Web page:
“Of course, there was a lot of uncertainty about the procedure. You never know how the surgery is going to turn out, especially after an allograft procedure. Your body has to accept the transplant and they have to make sure it fits right and aligns perfectly with the other parts of your knee,” reveals Jeremy.
A month after the surgery, it became quite apparent Jeremy’s body had accepted the transplant, so he proceeded to the next step — getting stronger, getting the right knee back on par with the left knee. Rather than drive back to Buffalo, however, he opted to do his physical therapy at a Greece, NY facility, an hour’s drive from his home.
However, Jeremy did re-visit UMBD Orthopaedics & Sports Medicine several times, where Dr. Wind personally met him each visit. “I met with Dr. Wind every time I came into the office. I think I ended up, from my initial appointment to my last follow-up this past summer, visiting with him over six times.”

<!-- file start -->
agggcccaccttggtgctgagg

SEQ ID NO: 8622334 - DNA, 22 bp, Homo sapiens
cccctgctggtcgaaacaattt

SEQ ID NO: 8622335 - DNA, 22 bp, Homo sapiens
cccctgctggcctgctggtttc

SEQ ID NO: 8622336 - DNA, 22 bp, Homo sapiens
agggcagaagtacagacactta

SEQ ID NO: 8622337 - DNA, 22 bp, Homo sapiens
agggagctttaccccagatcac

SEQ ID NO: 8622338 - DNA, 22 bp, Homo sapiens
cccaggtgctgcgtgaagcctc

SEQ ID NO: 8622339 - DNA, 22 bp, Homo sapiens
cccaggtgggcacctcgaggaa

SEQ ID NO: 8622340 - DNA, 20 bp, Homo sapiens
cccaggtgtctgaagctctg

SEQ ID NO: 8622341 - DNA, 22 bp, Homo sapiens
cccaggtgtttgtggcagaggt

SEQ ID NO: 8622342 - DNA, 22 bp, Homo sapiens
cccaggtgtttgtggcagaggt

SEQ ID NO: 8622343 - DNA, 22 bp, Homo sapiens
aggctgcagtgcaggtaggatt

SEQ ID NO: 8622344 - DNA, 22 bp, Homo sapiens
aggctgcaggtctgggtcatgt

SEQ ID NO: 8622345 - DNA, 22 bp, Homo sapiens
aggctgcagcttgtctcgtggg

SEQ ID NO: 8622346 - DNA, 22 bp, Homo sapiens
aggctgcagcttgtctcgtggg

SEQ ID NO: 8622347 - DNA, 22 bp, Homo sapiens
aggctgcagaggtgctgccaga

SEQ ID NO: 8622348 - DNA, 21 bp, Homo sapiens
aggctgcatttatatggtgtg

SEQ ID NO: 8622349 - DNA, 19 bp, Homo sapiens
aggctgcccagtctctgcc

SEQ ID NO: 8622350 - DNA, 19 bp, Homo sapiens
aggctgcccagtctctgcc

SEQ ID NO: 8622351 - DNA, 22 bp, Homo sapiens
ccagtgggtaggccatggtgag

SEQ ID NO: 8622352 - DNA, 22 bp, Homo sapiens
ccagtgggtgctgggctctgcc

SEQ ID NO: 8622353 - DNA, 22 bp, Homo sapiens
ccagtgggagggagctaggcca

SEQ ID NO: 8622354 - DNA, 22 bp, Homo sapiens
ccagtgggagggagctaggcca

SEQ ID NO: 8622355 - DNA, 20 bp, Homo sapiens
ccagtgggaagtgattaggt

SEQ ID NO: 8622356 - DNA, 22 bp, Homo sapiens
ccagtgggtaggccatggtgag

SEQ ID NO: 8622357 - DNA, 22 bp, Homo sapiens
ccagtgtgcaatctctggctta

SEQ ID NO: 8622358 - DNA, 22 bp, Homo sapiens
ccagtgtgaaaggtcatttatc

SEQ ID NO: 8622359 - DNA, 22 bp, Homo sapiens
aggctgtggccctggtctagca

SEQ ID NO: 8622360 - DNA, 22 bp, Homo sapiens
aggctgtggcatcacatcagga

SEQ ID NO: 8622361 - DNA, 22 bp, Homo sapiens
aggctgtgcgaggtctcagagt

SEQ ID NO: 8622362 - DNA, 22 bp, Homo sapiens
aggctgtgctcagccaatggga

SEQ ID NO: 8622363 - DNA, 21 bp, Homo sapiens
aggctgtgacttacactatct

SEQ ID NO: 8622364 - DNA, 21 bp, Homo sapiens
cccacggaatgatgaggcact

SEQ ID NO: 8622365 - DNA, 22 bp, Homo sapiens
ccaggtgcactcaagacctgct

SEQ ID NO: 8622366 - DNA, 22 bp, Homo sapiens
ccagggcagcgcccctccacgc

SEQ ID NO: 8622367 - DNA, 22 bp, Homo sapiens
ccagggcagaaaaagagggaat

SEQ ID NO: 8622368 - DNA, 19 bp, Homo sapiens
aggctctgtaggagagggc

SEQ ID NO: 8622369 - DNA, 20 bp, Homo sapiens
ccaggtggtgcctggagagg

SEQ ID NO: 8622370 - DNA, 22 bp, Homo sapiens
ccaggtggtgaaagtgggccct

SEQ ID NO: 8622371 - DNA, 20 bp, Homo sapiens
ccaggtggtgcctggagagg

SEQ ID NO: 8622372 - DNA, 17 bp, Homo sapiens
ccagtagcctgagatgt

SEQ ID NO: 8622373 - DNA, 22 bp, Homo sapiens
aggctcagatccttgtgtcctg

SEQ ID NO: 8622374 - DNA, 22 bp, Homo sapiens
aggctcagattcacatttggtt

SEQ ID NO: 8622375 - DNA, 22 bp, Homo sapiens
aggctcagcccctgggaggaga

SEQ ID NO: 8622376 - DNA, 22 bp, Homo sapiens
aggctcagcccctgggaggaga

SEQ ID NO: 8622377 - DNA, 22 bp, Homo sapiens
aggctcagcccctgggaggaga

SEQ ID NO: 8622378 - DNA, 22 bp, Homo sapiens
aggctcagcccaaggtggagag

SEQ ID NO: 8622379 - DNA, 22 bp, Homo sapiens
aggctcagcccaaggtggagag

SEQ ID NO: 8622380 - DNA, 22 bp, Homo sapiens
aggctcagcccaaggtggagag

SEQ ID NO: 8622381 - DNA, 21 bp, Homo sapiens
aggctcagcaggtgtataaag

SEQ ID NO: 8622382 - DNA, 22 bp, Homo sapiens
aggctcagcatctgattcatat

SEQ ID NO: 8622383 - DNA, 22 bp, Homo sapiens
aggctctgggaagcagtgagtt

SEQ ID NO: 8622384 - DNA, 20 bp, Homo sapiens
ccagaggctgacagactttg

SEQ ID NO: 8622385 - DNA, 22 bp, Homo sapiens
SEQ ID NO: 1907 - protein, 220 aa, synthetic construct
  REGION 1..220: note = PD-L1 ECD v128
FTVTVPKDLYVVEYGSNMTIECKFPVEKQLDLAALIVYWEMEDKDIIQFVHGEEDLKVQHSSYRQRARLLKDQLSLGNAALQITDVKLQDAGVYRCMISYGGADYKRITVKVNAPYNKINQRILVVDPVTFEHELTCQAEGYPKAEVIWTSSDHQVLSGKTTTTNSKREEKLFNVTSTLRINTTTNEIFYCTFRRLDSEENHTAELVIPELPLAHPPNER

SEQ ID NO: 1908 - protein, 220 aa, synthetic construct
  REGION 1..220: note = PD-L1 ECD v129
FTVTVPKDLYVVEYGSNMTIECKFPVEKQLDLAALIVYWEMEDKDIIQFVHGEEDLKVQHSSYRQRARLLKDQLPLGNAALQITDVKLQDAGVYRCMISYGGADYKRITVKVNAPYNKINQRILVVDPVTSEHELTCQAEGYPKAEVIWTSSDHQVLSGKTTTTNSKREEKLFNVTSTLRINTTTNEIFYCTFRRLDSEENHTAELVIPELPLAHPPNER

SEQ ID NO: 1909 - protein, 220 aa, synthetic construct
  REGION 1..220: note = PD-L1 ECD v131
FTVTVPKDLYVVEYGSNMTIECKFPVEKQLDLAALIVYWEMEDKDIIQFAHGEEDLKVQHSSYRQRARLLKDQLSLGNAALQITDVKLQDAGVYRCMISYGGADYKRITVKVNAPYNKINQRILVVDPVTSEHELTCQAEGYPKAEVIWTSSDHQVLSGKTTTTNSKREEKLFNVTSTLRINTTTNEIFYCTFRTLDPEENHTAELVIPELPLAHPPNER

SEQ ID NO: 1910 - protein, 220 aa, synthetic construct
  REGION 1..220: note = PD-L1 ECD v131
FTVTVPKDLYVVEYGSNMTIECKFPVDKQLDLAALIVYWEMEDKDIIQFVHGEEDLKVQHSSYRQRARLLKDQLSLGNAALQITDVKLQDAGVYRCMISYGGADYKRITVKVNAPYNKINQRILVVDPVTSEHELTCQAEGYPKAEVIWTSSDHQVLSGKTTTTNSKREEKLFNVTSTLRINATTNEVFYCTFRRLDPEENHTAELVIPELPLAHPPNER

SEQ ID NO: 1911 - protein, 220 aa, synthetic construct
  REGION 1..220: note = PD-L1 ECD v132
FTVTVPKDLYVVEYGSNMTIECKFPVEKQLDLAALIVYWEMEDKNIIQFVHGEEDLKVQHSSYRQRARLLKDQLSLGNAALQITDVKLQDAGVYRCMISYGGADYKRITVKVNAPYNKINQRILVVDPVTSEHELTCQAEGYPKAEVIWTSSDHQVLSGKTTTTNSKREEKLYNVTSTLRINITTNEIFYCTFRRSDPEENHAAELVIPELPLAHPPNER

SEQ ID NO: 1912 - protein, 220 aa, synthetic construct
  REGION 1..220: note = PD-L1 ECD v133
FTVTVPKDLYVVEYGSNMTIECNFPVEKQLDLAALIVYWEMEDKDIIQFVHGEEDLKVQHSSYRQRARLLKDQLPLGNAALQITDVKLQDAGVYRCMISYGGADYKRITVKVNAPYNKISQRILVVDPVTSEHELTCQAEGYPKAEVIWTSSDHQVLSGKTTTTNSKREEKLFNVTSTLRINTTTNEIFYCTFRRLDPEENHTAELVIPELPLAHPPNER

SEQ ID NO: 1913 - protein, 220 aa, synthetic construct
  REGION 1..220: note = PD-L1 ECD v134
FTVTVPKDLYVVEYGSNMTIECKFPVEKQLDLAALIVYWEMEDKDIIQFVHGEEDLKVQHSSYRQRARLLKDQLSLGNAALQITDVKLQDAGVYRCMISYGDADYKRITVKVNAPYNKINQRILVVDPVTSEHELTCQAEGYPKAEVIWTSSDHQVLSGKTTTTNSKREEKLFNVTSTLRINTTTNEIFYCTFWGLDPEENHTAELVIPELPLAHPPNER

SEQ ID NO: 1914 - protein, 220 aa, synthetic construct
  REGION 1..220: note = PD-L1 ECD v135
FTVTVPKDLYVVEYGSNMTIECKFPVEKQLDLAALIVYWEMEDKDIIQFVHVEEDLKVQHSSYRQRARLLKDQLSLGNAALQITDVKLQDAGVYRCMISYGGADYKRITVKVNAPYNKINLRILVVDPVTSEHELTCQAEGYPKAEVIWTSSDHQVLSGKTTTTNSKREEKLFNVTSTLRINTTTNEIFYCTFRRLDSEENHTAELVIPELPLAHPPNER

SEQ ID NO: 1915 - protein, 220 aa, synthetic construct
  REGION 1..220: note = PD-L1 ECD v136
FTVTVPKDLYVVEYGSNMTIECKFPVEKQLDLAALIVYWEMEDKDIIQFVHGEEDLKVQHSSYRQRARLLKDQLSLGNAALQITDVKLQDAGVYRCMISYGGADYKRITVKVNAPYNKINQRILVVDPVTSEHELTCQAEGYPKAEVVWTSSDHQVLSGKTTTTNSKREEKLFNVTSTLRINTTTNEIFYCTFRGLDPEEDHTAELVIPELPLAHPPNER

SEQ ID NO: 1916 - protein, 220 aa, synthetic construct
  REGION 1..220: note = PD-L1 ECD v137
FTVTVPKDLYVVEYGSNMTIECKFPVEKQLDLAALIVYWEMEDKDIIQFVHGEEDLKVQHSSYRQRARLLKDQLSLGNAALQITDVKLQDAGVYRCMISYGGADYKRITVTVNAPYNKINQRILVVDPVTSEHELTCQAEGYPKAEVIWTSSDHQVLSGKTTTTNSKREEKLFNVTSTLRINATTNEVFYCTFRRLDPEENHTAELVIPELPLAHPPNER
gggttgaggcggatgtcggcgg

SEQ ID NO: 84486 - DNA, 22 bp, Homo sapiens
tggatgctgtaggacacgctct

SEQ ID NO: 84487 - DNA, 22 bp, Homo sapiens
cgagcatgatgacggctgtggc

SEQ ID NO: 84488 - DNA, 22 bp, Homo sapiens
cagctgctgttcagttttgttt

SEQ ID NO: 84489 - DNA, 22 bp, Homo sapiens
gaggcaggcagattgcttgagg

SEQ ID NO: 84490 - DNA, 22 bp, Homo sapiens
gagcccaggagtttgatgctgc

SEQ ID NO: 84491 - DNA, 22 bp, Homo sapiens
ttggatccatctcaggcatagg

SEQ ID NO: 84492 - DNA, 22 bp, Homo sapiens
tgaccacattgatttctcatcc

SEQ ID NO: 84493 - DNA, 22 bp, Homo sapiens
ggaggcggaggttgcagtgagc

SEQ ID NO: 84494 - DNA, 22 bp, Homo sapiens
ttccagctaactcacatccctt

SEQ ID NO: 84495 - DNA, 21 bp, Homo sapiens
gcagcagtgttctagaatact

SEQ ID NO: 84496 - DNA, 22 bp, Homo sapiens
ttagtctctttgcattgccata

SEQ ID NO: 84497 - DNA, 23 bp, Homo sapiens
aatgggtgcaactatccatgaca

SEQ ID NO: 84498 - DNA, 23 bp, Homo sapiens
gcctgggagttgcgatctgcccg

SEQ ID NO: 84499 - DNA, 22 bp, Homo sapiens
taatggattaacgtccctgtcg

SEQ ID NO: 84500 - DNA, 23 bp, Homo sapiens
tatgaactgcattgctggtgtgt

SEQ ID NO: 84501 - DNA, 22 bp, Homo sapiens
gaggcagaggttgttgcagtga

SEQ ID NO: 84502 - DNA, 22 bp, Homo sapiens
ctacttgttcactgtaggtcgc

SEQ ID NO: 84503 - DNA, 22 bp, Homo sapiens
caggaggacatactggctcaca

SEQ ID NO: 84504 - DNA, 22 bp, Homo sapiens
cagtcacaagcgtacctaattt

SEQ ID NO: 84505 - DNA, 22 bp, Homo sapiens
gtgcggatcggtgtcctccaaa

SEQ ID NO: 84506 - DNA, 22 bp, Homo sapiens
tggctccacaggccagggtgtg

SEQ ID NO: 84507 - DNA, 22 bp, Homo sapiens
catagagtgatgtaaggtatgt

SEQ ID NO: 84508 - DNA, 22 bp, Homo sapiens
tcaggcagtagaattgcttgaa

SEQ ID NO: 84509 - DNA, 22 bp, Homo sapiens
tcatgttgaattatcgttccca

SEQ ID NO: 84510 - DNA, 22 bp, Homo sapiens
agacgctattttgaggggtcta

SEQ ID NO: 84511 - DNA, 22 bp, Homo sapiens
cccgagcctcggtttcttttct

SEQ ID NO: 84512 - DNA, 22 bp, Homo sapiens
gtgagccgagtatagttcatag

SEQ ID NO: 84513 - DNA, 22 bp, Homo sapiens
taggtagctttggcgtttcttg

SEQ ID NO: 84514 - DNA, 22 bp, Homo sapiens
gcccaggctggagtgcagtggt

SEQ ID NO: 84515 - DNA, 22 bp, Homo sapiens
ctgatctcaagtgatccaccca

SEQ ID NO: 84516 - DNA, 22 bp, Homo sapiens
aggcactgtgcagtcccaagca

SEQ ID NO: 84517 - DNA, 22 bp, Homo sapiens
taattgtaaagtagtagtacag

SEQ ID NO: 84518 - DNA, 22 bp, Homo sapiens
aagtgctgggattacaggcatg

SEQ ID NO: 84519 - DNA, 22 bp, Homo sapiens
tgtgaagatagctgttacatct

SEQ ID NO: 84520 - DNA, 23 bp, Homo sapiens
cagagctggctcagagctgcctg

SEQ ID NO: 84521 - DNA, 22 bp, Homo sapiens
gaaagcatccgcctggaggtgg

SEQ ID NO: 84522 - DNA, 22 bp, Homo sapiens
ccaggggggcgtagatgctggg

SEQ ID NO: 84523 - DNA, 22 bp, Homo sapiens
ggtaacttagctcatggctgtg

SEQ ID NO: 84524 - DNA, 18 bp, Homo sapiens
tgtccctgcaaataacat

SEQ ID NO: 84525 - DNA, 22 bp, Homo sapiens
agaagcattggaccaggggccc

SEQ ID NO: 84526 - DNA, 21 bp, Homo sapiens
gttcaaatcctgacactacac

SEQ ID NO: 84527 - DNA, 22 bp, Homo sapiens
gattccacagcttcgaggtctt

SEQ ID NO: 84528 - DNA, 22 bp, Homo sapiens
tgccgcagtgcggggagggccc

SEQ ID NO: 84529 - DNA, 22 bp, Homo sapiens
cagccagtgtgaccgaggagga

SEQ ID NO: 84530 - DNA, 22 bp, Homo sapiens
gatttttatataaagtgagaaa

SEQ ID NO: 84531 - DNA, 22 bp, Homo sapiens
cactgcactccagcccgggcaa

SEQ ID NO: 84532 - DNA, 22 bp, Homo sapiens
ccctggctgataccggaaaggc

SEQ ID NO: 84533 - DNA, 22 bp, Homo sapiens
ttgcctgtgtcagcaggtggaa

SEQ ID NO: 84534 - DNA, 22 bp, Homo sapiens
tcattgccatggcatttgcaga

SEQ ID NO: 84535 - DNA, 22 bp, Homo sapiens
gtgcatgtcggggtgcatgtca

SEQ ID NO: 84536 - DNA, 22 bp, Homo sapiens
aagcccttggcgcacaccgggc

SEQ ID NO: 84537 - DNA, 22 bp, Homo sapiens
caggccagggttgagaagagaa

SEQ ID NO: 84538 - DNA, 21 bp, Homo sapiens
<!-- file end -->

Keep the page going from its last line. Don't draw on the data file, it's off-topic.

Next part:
The first few days after the procedure were especially tough, says Jeremy, but he bore down and each day, he saw progress, with his knee getting stronger and stronger, along with an enhanced mobility.
During his recovery, Jeremy began his college career at Notre Dame where he continued to perform numerous single leg strength exercise, especially with a leg press. Physical therapists at the university discovered that Jeremy’s right leg still had a significant strength deficit, so they also devised a plan to get the leg back to full strength.
When asked what he’d say to anyone dealing with a knee injury, Jeremy responded, “The number one thing is do the physical therapy. It’s huge and if you don’t, I’ve heard stories of persons who have had recurring injuries from not doing the physical therapy properly. I think that’s the biggest thing. Take it one day at a time.”
Excited to realize his dream of playing lacrosse at Notre Dame
Today, Jeremy is attending Notre Dame, majoring in Finance, where he is a full-fledged member of Notre Dame’s lacrosse team, able to fully participate in their matches.
At first, being off the lacrosse field for the better part of two years, he was a bit rusty, lacking in both game shape and game speed. However, he vividly recalls his first game. “I remember the first game back. It was one of the better days of my life. It was just awesome to be able to go back out there and play again,” recounts Jeremy.